The reports of the task forces on International Relations, Professional Ethics, and Social Responsibility have all been forwarded to the PlanningCommittee fortheir recommendations. The Small College Assessment Program Task Force was disbanded, having worked out an arrangement with the Association of Research Libraries for cooperative action; a new committee will be formed within the College Libraries Section to carry out the activity.

Significant progress was made by the Task Forces on Extended Campus Guidelines, Paraprofessionals in Academic Libraries, and Recruitment of Underrepresented Minorities.

Continuing education had a good year. Eight hundred people took 31 courses locally, at Cincinnati, and at Dallas.

15 programs were offered by ACRL sections at Dallas.

We added a new award: Community College Learning Resources Achievement Awards. Sponsored by the Community and Junior College Libraries Section, two annual awards maybe given to recognize significant achievement in the areas of 1) program development and 2) leadership or community service. Individuals or groups from twoyear institutions, as well as the two-year institutions themselves, are eligible to receive the awards, which are in the form of printed citations. The first award will be made in 1990.

K. G. Saur increased the cash prize for their award for the best article in College & Research Libraries to $500 for each joint author.

We administered nine awards (see pp. 701-707).

The Special Grants Fund provided money for the BI Think Tank, two chapter programs, and the membership survey.

Much work was done by the President and the staff on creating a new set of Policies of the ALA in Relation to its Membership Divisions (also known as “the Operating Agreement”). Passed by ALA Council in Dallas, the policies will have a profound effect on all divisions. As one of his last official acts, President Joe Boissé appointed a Special Committee on Implementing a Revised Operating Agreement to carry out a complete review of ACRL’s activities and assure a smooth transition to the new operating environment.

Finances

The division is strong in its fund balances, with a mandated level set at 50% of the average annual operating expenses over a three-year cycle. But it is not strong in its ability to balance an annual budget. This is a matter of concern being addressed by the Task Force on Financial Development and the Special Committee mentioned, as well as by the Budget and Finance Committee and the entire Board. Strategies for Association funding, embedded in the new financial plan, must be implemented to ensure the financial and programmatic strength of ACRL. For instance, the Board has systematically reduced the fund balance to the mandated 50% level, but that level continues to increase as annual budgets go up. This means that annual budgets must include an allowance for this increase. The vote in favor of a dues increase means we will have a better pool of funds for membership activities, allowing us to match those expenses with the dues revenue that is supposed to support them. However, increased demands for service (which show a healthy desire for an Association that is useful to members) constantly keep us on our toes to balance the budget and the demands on staff.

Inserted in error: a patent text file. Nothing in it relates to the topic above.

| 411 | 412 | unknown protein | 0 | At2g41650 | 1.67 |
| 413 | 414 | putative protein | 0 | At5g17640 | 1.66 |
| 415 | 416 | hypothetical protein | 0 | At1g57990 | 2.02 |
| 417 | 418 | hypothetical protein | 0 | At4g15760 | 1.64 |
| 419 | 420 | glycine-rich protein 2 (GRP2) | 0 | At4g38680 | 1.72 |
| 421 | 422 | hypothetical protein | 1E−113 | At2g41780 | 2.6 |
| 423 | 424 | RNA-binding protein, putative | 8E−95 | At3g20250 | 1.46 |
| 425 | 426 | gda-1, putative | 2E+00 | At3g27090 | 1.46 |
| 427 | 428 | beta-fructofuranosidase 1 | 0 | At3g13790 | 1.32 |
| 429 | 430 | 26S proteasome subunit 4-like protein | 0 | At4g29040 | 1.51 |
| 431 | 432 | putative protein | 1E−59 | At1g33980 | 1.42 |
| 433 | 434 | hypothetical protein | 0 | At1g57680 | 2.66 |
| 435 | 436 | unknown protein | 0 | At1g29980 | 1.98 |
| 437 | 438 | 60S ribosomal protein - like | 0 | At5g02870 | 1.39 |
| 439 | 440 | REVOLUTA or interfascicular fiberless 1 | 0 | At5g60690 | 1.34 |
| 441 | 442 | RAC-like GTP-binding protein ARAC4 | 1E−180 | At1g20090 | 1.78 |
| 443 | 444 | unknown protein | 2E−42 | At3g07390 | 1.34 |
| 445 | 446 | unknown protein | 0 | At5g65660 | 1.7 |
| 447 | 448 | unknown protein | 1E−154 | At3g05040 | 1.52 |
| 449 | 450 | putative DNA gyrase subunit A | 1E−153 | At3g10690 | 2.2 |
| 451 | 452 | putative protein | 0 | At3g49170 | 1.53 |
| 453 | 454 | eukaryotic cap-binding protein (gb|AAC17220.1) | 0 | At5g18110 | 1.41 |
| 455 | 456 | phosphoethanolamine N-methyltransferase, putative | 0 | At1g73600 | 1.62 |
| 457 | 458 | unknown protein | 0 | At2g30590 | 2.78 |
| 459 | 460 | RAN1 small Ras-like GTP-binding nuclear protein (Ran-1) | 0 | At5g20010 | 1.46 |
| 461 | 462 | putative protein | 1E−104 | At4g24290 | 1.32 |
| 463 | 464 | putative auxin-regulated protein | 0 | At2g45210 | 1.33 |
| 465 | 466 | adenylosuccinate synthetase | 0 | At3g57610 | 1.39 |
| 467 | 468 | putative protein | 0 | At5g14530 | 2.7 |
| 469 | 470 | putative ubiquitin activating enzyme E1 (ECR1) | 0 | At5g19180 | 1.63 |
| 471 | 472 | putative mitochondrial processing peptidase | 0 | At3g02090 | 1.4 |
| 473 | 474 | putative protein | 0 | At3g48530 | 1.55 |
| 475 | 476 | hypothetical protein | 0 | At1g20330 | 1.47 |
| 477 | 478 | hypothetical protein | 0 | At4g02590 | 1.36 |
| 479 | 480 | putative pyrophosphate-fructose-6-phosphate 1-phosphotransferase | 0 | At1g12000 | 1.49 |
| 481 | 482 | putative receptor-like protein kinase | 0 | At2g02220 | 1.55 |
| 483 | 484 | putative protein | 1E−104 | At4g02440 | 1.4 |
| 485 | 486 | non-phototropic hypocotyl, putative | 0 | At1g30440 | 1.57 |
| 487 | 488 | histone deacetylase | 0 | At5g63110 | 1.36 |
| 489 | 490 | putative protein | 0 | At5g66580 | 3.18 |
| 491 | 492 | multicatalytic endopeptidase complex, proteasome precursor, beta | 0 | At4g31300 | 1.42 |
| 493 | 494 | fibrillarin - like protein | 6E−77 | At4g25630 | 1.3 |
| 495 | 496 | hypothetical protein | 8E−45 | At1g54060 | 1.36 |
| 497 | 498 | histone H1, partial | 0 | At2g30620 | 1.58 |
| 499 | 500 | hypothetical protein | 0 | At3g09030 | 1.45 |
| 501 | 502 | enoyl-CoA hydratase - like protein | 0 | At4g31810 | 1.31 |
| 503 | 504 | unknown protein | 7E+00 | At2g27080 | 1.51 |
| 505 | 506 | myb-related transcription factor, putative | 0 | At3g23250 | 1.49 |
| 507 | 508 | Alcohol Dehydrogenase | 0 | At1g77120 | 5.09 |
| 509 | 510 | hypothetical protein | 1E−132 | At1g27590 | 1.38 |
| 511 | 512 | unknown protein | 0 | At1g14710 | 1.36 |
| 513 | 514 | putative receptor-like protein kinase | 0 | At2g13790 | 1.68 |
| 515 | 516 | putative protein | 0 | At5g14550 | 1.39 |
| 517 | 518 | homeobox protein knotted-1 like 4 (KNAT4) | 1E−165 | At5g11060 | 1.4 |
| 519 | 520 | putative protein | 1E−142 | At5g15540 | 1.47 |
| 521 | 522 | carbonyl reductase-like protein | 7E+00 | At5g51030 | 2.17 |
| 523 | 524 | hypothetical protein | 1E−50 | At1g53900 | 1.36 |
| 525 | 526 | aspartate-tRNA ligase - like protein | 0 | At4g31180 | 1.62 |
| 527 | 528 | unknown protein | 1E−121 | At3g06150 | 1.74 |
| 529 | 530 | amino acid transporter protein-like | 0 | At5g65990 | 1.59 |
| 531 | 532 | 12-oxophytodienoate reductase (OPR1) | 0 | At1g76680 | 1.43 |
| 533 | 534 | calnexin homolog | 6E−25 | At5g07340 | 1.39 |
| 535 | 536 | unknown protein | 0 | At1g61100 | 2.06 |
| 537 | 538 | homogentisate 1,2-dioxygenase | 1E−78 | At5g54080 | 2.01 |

The new Policies of the ALA in Relation to its Membership Divisions will have a profound effect on ACRL. The first charges to divisions under the new policies will be implemented in 1991, but division overhead rates have been on the increase in 1989 and 1990 and in 1990 divisions became responsible for their own bad debts (yes, there are purchasers of our products and services, including advertising, publications, courses, and exhibit booths who fail to pay their bills) and for the Unrelated Business Income Tax (UBIT) associated with their revenues (advertising and mailing list rentals.) For ACRL and Choice the UBIT will be about $ 100,000 in 1990.

Staffing

Changes in staff have affected ACRL more this year than in the past few years. In 1988-1989 we operated with a temporary reduction in regular staff below the level of the 10-11 we have maintained over the past 5 years. Elaine Opalka moved to the ALA Executive Office as assistant to the deputy director in September and we have not yet filled the position she vacated. Sheryl Stephens accepted a management-level position at the American Bar Association in April.